Chapter 6 Memory
− the ability to store and retrieve information over time.
− the process by which we transform what we perceive, think, or feel into an enduring memory.
− the process of maintaining information in memory over time.
− the process of bringing to mind information that has been previously encoded and stored.
− the process of actively relating new information to knowledge that is already in memory.
− memories are a combination of old and new information, so the nature of any particular
memory depends as much on the old information already in our memories as it does on
the new information coming in through our senses.
Visual Imagery Encoding
− the process of storing new information by converting it into mental pictures.
− Visual imagery encoding does some of the same things that elaborative encoding does:
when you create as visual image, you relate incoming information to knowledge already
in memory. Second, when you use visual imagery to encode words and other verbal
information, you end up with two different mental “placeholders” for the items-a visual
one and a verbal one-which gives you more ways to remember them than just a verbal
− Visual imagery encoding activates visual processing regions in the occipital lobe, which
suggests that people actually enlist the visual system when forming memories based on
- the process of categorizing information according to the relationships among a series of items.
- a type of storage that holds sensory information for a few seconds or less.
− a fast-decaying store of visual information
− a fast-decaying store of auditory information
Short-Term Storage and Working Memory
− a type of storage that holds nonsensory information for more than a few seconds but less
than a minute
− Short-term memory is limited in how long it can hold information, and also limited in how much information it can hold.
− the process of keeping information in short-term memory by mentally repeating it.
− combining small pieces of information into larger clusters or chunks that are more easily
held in short-term memory.
− active maintenance of information in short-term storage
− it differs from the traditional view that short-term memory is simply a place to
hold information and instead includes operations and processes we use to work with
information in short-term memory.
− a type of storage that holds information for hours, days, weeks, or years.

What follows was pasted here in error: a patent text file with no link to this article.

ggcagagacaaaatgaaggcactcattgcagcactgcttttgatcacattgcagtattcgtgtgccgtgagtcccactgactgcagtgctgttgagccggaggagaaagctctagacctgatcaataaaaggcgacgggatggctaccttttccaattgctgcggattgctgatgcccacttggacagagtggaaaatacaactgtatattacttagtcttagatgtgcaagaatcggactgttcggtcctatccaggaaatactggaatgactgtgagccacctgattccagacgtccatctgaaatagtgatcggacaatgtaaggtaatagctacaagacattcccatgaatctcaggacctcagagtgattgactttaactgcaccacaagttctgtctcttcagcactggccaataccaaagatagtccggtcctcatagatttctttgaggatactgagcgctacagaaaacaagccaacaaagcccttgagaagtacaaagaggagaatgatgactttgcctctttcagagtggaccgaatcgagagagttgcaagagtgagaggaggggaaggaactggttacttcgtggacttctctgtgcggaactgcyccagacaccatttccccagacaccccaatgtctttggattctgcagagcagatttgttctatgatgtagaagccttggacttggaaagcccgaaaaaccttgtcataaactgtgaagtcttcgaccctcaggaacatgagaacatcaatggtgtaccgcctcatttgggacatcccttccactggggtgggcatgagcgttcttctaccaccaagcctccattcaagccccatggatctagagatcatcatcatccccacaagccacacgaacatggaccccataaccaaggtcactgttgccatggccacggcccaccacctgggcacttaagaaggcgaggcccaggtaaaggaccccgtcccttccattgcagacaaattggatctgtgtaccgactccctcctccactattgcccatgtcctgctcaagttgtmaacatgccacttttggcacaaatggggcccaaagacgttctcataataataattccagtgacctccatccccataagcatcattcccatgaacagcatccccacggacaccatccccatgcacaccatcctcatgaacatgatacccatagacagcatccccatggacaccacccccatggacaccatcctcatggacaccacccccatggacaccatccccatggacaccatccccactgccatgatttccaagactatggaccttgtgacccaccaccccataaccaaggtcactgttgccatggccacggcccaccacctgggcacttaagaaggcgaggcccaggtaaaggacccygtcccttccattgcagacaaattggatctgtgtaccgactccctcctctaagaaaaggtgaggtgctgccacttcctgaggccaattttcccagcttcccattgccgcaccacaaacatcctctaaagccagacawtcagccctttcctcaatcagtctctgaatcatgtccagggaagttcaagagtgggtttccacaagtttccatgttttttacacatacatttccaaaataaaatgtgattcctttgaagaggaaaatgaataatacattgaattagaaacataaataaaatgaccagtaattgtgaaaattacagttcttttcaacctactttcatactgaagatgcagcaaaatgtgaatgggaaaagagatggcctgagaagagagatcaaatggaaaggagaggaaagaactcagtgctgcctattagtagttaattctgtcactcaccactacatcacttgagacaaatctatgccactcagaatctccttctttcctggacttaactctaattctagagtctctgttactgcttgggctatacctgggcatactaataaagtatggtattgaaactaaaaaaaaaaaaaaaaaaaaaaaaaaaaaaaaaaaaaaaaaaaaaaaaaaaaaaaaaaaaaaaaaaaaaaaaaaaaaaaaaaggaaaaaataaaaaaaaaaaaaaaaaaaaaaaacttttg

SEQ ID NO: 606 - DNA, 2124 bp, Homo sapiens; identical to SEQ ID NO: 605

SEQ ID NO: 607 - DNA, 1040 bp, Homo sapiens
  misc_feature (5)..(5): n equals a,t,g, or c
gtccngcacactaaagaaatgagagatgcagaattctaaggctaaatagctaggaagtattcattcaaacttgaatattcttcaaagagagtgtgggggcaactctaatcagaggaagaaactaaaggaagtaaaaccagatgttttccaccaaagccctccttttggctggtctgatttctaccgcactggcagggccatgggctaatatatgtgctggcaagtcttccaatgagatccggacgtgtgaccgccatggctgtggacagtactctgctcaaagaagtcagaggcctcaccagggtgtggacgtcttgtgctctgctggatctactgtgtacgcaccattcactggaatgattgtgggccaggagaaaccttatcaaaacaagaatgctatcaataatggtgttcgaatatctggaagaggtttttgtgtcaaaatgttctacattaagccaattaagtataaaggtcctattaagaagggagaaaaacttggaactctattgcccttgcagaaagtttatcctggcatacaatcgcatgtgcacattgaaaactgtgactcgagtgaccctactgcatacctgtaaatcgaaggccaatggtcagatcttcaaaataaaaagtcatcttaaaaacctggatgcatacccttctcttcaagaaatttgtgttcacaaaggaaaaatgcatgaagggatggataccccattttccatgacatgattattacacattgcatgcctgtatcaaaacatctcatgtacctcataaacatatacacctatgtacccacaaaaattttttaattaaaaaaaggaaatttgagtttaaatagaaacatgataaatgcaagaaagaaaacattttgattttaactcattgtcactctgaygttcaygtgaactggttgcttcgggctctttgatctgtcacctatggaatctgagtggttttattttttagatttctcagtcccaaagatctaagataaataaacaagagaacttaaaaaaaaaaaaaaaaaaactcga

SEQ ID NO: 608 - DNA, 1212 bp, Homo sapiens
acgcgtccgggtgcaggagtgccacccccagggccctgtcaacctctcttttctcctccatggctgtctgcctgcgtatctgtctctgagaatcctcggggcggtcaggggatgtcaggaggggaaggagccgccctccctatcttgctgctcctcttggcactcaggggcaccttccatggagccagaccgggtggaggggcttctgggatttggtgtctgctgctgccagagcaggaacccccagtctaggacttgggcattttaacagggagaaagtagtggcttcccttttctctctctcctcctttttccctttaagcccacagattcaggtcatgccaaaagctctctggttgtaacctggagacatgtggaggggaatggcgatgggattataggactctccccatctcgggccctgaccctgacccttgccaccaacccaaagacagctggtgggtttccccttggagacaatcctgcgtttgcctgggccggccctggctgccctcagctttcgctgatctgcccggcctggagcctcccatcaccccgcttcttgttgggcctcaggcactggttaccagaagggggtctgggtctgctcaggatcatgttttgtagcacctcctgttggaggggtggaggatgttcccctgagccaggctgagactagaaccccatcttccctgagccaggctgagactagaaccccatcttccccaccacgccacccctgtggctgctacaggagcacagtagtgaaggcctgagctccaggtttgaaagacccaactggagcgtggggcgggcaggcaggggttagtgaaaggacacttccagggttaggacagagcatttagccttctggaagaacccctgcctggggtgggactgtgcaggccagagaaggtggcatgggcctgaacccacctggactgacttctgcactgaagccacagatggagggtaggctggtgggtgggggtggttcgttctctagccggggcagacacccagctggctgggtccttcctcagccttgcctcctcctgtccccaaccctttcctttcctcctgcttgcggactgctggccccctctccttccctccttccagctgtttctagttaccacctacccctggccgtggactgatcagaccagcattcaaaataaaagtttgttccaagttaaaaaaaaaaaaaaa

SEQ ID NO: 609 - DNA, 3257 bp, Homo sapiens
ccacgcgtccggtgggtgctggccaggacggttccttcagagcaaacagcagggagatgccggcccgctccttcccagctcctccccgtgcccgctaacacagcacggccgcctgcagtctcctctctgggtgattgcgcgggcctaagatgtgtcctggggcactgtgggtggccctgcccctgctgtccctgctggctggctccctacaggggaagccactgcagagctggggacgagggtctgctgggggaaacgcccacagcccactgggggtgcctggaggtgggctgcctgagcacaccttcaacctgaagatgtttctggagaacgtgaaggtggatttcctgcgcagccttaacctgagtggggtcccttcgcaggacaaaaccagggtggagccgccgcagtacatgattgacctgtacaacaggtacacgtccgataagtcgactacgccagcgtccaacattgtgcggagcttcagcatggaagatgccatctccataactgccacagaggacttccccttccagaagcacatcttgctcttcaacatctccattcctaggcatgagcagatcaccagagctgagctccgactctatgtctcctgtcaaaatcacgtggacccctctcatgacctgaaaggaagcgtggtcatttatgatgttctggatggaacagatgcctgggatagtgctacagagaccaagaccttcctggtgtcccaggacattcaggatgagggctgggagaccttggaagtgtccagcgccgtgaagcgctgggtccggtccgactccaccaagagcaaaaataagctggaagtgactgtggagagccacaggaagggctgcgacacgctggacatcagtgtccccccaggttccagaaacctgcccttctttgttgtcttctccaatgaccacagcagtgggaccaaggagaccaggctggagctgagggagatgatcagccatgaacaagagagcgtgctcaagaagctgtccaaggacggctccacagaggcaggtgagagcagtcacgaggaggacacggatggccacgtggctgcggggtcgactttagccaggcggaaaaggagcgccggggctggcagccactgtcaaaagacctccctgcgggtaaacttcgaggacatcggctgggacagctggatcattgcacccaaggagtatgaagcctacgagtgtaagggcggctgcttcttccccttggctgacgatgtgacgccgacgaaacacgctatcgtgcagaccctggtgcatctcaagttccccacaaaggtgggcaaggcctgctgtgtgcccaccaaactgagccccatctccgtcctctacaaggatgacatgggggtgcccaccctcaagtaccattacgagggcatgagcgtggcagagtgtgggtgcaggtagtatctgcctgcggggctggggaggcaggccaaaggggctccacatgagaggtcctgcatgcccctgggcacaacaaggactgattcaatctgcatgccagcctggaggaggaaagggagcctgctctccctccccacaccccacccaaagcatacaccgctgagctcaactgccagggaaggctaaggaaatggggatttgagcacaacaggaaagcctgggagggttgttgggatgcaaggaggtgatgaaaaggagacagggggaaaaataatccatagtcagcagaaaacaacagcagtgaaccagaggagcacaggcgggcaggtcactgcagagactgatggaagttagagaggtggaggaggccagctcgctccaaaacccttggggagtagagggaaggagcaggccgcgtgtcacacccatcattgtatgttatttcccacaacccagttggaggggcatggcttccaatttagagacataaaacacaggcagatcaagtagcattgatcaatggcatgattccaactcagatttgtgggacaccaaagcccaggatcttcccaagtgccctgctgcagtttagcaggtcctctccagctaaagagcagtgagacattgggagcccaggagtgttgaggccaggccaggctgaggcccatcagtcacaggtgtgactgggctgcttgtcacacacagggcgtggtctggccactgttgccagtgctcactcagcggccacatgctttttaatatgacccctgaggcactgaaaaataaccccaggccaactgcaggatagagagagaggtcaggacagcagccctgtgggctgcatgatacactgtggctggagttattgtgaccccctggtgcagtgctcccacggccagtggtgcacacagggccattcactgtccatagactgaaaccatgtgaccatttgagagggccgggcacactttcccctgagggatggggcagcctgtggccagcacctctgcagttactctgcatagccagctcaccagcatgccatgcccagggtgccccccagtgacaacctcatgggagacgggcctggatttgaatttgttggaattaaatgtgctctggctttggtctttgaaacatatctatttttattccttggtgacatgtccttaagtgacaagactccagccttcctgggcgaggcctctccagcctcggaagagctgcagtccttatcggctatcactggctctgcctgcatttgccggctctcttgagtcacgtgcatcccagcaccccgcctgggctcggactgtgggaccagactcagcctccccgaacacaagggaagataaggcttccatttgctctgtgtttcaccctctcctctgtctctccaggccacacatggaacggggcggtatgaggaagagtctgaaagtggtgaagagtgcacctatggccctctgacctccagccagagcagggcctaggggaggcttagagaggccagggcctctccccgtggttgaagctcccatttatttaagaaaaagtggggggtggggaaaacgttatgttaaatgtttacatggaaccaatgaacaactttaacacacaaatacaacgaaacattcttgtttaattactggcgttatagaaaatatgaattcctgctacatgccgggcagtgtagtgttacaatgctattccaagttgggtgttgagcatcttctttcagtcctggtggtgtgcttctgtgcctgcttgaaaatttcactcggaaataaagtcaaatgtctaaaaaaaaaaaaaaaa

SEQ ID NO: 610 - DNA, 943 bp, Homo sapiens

− In contrast to both sensory and short-term memory, long-term memory has no
known capacity limits.
The Role of the Hippocampus as Index
− the inability to transfer new information from the short-term store into the long-term
− the inability to retrieve information that was acquired before a particular date, usually
the date of an injury or operation.
− the process by which memories become stable in the brain.
− Shortly after encoding, memories exist in a fragile state in which they can be
easily disrupted; once consolidation has occurred, they are more resistant to disruption.
One type of consolidation operates over seconds or minutes.Another type of
consolidation occurs over much longer periods of time and likely involves transfer of
information from the hippocampus to more permanent storage sites in the cortex.
− The act of recalling a memory, thinking about it, and talking about it with others
probably contributes to consolidation.
− memories can become vulnerable to disruption when they are recalled, requiring them to
become consolidated again.
Memories, Neurons, and Synapses
long-term potentiation (LTP)
− a process whereby communication across the synapse between neurons strengthens the
connection, making further communication easier.
− Long-term potentiation has a number of properties that indicate to researchers
that it plays an important role in long-term memory storage: It occurs in sveral pathways
within the hippocampus; it can be induced rapidly; and it can last for a long time. NMDAreceptor
− a receptor site on the hippocampus that influences the flow of information between
neurons by controlling the initiation of long-term potentiation.
− The hippocampus contains an abundance of NMDAreceptors, more so than in
other areas of the brain. But for these NMDAreceptors to become activated, two things
must happen at roughly the same time.
− First, the presynaptic or “sending,” neuron releases a neurotransmitter
called glutamate which attaches to the NMDAreceptor site on the postsynaptic
or “receiving,” neuron.
− Second, excitation takes place in the postsynaptic neuron. Together, these
two events initiate LTP, which in turn increases synaptic connections by allowing
neurons that fire together to wire together.
Retrieval Cues: Reinstating the past
− external information that helps bring stored information to mind.
Encoding specificity principle
− the idea that a retrieval cue can serve as an effective reminder when it helps rec-create
the specific way in which information was initially encoded.
− the tendency for information to be better recalled when the person is in the same state
during encoding and retrieval.
− the idea that memory is likely to transfer from one situation to another when the
encoding context if the situations match.
Retrieval Can Impair Subsequent Memory
− a process by which retrieving an item from long-term memory impairs subsequent recall
of related items.
Explicit and Implicit Memory
− the act of consciously or intentionally retrieving past experiences
− the influence of past experiences on later behavior, even without an effort to remember
them or an awareness of the recollection.
− Implicit memories are not consciously recalled, but their presence is “implied”
by our actions.
− the gradual acqu